Our destination was Spicy and Tasty, a small Chinese spot off of Roosevelt Avenue to which Frank Bruni awarded two stars last year. Sitting in Spicy and Tasty, it's hard to imagine the Brunz here with his portfolio bag, notepad, impeccable dress. Like most Chinese restaurants in Flushing, this one has allowed decor to fall by the wayside. The service--what little of it there is--consists of servers tossing down menus, bringing us our Tsing Taos, grudgingly taking our order, and bringing (and later boxing) our food. There's tea, but despite my request, no water.
As it turns out, the icky service matters very little. What matters is the spicy, spicy food. Those of fragile palates, do not fear; when I say spicy, I mean not only the tear-provoking rip of hot pepper. These dishes are layered, complex, warming, supple, and generously flavored. There also so, so good.
We ordered four dishes, which, it just so happens, would have been enough for an army of us--and we were just two. We defended our ordering to ourselves: how else could we judge the restaurant and all it had to offer? And what could possibly be better than Chinese leftovers?
Sauteed Chinese cabbage with dried chilis surprisingly took the cake as the night's best dish. Crisp, generously sliced cabbage came in a sea of brown sauce adorned with dark chilis. Shrimp with pickled turnips did not disappoint. The shrimp themselves were smaller than prawns and larger than rock shrimp and danced with large chunks of toothsome and salty turnip, minced ginger, red pepper flakes.
Spinach almost matched lamb in proportion in a dish called lamb with red chili sauce. Not to be outdone, fatty and ample sliced pork came with its own peppers, this time small, red, and hot. Each dish had its own brand of spice and no dish could have ever been confused with its neighbor. Maybe that's what made the meal so satisfying. The total price tag for a meal that will likely offer us two days' worth of leftovers? $63, including tip.
Of course, we needed something sweet to end our adventure into the belly of Queens. We considered it fortuitous that the Yi Mei Fung Bakery happened to hock its wares right at the entrance to the 7 train. Inside, were attracted to a case of creamy looking pastries, tarts, and birthday cakes. My friend ordered one with a dark chocolate disc on top.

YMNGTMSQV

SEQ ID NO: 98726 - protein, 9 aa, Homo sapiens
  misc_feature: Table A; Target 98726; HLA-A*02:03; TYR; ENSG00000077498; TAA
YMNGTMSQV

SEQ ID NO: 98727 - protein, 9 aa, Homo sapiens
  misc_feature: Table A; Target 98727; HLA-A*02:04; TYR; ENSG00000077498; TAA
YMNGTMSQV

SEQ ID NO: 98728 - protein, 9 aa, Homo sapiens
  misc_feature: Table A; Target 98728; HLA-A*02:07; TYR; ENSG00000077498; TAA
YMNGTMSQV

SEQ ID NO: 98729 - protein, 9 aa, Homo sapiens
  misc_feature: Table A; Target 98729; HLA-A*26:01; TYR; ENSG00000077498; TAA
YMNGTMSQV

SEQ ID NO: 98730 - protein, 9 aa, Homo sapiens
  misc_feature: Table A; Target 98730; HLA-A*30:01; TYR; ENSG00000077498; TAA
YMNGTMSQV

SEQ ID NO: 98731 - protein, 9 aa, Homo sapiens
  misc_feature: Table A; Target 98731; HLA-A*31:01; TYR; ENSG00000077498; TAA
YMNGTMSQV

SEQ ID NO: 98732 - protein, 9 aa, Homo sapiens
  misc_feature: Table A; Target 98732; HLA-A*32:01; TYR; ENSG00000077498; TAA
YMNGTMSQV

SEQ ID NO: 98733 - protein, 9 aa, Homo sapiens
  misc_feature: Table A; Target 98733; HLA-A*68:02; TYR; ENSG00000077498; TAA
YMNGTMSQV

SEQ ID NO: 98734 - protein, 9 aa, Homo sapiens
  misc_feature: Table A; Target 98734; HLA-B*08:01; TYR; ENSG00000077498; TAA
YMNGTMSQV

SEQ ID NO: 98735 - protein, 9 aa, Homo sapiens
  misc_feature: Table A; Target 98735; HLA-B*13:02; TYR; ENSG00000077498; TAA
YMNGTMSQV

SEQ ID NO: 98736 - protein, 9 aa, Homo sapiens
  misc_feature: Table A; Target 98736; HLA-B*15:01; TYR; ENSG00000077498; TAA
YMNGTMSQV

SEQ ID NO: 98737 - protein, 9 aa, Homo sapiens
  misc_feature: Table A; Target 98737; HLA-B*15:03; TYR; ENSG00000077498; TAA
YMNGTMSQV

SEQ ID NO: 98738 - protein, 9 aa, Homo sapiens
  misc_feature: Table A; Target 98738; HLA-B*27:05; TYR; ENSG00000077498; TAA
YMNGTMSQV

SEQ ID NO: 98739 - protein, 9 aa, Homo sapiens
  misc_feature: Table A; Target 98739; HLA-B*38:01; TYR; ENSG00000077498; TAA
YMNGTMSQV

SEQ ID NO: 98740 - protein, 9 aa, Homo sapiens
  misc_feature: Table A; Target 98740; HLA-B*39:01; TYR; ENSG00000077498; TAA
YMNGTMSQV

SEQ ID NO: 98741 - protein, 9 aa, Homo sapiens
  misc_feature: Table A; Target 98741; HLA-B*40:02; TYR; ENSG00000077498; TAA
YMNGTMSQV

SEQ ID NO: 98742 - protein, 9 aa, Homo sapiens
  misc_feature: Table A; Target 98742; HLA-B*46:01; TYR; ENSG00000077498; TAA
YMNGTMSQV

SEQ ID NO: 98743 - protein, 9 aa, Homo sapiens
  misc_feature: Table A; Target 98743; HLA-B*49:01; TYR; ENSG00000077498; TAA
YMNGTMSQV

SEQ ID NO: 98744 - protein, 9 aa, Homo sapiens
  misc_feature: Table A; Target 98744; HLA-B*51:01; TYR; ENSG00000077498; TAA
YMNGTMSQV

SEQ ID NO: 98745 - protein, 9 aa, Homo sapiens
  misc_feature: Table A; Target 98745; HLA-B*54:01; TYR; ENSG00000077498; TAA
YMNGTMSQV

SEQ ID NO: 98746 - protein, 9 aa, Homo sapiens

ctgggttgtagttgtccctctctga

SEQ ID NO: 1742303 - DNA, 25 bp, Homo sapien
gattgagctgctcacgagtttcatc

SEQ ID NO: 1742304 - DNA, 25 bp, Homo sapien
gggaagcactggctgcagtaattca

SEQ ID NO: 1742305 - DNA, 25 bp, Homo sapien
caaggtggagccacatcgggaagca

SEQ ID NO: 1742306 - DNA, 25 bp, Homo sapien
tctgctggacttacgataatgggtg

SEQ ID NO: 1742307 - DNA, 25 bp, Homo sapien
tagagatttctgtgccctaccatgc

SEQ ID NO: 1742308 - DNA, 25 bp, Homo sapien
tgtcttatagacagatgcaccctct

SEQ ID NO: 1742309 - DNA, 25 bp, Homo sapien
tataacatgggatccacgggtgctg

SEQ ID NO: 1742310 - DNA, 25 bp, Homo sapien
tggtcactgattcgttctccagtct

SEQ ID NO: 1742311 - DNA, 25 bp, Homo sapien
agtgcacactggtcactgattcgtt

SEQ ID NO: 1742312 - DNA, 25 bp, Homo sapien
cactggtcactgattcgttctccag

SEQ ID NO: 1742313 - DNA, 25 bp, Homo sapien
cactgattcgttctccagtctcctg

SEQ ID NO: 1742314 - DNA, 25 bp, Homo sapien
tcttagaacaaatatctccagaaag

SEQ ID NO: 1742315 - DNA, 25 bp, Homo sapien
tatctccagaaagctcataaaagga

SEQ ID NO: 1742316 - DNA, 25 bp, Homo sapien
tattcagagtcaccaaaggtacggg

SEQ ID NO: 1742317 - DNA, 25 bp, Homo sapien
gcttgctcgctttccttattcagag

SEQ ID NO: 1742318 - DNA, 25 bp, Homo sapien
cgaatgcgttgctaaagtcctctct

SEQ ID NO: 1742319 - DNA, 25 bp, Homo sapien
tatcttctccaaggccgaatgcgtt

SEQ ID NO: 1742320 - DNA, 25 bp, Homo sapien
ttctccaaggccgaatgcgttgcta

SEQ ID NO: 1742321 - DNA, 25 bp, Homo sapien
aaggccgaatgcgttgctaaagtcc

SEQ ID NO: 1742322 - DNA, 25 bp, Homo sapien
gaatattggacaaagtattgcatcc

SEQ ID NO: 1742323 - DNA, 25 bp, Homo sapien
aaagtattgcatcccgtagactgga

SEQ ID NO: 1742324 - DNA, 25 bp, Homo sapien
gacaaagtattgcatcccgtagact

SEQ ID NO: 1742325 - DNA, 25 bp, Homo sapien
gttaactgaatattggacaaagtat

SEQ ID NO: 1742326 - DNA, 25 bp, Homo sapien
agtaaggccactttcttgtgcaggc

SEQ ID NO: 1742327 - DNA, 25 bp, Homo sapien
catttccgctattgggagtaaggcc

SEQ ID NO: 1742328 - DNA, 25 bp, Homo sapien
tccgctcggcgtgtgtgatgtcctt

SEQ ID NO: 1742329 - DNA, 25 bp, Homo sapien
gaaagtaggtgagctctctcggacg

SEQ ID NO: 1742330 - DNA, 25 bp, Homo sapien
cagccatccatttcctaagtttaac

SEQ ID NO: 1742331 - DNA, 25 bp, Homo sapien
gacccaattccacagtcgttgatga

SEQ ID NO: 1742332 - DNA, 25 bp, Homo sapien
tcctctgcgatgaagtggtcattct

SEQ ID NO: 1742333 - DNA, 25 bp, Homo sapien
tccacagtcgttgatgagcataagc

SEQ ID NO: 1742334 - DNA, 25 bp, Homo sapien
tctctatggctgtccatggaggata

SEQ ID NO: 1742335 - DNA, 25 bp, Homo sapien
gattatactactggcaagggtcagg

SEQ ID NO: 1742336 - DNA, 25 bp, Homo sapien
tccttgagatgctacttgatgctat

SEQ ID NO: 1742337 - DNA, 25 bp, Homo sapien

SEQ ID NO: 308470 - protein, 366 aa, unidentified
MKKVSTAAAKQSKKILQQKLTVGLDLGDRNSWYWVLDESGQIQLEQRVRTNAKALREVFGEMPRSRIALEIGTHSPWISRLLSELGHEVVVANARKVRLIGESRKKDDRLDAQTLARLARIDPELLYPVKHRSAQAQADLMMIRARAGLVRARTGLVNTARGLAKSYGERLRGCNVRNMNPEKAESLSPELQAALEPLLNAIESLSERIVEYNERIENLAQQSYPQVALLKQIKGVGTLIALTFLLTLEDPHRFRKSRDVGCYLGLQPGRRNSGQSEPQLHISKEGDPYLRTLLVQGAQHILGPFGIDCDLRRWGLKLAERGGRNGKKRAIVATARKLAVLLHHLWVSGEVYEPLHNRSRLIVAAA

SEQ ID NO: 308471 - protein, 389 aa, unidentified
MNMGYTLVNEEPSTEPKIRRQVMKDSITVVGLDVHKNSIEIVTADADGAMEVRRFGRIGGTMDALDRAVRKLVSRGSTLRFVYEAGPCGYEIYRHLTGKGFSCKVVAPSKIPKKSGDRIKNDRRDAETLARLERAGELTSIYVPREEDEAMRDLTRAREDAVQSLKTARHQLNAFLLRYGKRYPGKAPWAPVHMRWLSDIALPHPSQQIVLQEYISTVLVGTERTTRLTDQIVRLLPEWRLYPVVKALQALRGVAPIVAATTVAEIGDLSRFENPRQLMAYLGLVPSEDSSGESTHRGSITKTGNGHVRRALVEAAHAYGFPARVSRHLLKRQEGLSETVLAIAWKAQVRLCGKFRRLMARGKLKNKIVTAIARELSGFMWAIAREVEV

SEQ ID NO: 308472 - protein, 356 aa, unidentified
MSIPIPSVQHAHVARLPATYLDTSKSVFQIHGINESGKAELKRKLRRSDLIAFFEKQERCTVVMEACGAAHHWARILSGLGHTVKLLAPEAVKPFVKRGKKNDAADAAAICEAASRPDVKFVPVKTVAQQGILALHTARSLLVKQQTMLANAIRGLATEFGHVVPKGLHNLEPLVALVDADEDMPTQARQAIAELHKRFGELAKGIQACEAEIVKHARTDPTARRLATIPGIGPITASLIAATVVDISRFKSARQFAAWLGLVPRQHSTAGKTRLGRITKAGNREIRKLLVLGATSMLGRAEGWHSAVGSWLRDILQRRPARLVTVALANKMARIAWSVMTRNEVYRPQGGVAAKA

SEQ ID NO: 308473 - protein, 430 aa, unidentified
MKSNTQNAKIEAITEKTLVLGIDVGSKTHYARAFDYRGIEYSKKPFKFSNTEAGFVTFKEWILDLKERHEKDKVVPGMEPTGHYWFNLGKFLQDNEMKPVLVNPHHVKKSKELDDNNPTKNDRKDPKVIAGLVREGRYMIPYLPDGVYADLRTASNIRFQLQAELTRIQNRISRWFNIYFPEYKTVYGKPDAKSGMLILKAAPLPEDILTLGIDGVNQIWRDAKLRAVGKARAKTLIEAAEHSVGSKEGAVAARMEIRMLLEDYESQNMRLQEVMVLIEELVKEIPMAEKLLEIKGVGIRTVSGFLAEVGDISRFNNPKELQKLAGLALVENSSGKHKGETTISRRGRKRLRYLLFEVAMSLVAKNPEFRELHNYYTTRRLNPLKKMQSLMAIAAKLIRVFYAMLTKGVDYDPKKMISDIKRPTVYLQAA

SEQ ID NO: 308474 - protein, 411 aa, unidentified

Here was our confusion: the cake's frosting (light, airy, resembling buttercream) tasted more like actual butter. We kept eating it to try and figure it out. Was it a mistake? Had a young pastry chef accidentally replaced sugar with salt? The frosting was salty. Salty! The cake itself, angel food stuffed with coconut cream, was not salty. Why, then, was the frosting?
We had to get to the bottom of it. Maybe this was some Chinese joke on us. I went back to the counter and ordered a pastry the size and shape of a sub sandwich billed as "coconut creme." The thing had been dusted with toasted coconut and was split open at the front, resembling a donut's unfortunate cousin. We used our hands. And guess what? The frosting, once again, was salty. Very confusing.
Later research conducted by yours truly indicated that Yi Mei Fung's baked goods rival, Tai Pan Bakery is known to produce the best egg custards in all of Flushing, if not New York. I think next time I'll head there instead.
Spicy and Tasty
39-07 Prince Street
Flushing, Queens 11354
Yi Mei Fung Bakery
135-38 Roosevelt Avenue
Flushing, Queens 11354